Originally posted @ TrialSiteNews.com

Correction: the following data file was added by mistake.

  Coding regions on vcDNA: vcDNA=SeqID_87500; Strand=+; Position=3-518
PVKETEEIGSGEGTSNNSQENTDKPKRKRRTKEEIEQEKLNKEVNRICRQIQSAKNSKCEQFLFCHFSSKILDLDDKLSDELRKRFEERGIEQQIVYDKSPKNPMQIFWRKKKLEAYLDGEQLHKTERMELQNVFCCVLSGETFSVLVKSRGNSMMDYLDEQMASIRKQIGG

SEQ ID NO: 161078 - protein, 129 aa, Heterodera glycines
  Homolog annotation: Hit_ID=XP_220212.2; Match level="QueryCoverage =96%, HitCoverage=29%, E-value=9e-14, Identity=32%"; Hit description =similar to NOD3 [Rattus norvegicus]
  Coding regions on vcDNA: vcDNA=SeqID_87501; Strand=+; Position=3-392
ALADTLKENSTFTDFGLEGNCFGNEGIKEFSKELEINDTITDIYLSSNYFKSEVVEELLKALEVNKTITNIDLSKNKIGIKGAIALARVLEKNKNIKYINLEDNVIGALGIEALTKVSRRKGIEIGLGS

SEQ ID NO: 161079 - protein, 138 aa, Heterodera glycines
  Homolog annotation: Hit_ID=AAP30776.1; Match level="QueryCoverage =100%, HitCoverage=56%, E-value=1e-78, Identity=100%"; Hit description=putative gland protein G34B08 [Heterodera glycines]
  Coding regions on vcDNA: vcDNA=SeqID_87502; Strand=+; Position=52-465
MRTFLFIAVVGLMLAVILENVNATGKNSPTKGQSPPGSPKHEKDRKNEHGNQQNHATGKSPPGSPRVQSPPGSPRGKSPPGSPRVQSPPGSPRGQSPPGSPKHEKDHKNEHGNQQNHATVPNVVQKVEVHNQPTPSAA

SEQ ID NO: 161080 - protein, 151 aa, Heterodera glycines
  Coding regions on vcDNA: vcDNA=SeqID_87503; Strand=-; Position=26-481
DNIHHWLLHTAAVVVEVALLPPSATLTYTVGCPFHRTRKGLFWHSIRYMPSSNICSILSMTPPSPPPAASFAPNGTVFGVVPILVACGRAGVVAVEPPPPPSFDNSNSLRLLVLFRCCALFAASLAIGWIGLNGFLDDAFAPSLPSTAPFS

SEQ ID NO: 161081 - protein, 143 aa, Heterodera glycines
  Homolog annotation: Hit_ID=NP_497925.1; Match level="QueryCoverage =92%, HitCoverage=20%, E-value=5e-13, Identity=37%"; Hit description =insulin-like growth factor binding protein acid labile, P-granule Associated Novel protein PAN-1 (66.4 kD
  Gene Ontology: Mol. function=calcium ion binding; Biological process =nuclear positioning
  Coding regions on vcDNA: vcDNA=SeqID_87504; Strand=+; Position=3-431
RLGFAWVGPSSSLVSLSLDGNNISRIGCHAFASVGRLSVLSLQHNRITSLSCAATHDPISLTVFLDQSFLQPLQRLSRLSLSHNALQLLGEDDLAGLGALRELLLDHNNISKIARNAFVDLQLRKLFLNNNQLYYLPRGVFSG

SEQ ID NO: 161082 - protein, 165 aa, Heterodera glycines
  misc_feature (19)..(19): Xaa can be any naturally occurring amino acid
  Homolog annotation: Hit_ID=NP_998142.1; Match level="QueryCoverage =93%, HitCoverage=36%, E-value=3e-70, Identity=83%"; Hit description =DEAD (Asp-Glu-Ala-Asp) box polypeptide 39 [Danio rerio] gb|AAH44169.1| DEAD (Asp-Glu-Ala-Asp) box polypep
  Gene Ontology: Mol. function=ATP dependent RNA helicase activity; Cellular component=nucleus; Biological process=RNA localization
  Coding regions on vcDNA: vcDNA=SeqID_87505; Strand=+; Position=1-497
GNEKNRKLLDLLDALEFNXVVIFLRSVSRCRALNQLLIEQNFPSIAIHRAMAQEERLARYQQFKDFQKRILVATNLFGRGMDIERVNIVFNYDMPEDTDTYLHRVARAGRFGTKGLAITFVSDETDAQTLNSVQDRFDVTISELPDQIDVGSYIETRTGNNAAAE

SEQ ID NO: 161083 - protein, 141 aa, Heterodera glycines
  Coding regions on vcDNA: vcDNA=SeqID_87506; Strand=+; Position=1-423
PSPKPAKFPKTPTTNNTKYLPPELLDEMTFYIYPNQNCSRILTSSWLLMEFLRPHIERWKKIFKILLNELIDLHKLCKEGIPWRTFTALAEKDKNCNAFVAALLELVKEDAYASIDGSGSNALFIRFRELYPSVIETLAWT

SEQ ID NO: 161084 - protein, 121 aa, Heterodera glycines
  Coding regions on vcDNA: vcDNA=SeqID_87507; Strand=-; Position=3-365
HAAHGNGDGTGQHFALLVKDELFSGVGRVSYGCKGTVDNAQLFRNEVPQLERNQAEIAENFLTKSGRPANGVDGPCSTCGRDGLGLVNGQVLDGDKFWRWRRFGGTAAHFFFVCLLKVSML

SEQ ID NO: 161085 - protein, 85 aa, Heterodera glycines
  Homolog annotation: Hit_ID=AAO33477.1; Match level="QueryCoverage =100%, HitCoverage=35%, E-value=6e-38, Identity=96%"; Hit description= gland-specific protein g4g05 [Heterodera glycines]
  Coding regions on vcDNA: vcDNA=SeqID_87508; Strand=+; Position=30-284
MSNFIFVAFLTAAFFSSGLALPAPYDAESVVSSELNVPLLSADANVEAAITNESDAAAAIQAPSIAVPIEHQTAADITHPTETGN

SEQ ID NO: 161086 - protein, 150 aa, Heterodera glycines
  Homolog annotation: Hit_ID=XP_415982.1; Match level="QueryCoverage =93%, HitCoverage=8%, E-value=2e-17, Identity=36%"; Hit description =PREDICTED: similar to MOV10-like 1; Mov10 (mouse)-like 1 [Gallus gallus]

The Center for Disease Control and Prevention (CDC) Advisory Committee on Immunization Practices (ACIP) represents a committee within the federal public health agency that offers up purportedly sound advice and guidance on effective control of vaccine-preventable diseases in the civilian population of the United States. Yesterday TrialSite attended the ACIP to evaluate not only their methods and underlying assumptions but also the results of a decision done via public webcast. In a unanimous decision, fifteen ACIP members voted to add the COVID-19 mRNA vaccines to the agency’s Vaccines for Children (VFC) program. While technically this group of purported primarily scientific and/or medical experts are not political, they are in fact chosen by the U.S. Department of Health and Human Services (HHS) Xavier Becerra and team, an attorney who of course could be considered by at least some as a political appointee who worked his way up the democratic power structure in California, running for state assembly at the tender age of 32. Now with the unanimous vote based on the premise that the COVID-19 vaccines are absolutely safe and effective and that the risk-benefit analysis with the advent of Omicron variant hospitalization numbers absolutely justified the move. The ACIP recommendation goes in front of Director Rochelle Walensky and the U.S. HHS for approval starting today. It’s highly likely that Walensky and the HHS will simply rubber stamp ACIP’s unanimous decision, one that represents a significant milestone in progressing the inclusion of both Pfizer-BioNTech’s BNT162b2 (Comirnaty) and Modera’s mRNA-1273 (Spikevax) in a routine immunization program. The federal government doesn’t directly require local schools to mandate such a vaccine. Laws at the state level may promulgate vaccination requirements for schools, however. A big move, the ACIP committee’s unanimous vote all but ensures that these mRNA vaccines will at some point become part of the routine vaccination program (at least in many states) once they are formally approved for the youngest age cohorts. While states do not have to comply with CDC guidelines, their ultimate avoidance could in some circumstances trigger significant implications—possibly impacting federal funds for public health or even education. The CDC did share some disturbing data involving COVID-19 Omicron hospitalization rates of children which this media delves into along with other important unfolding dynamics.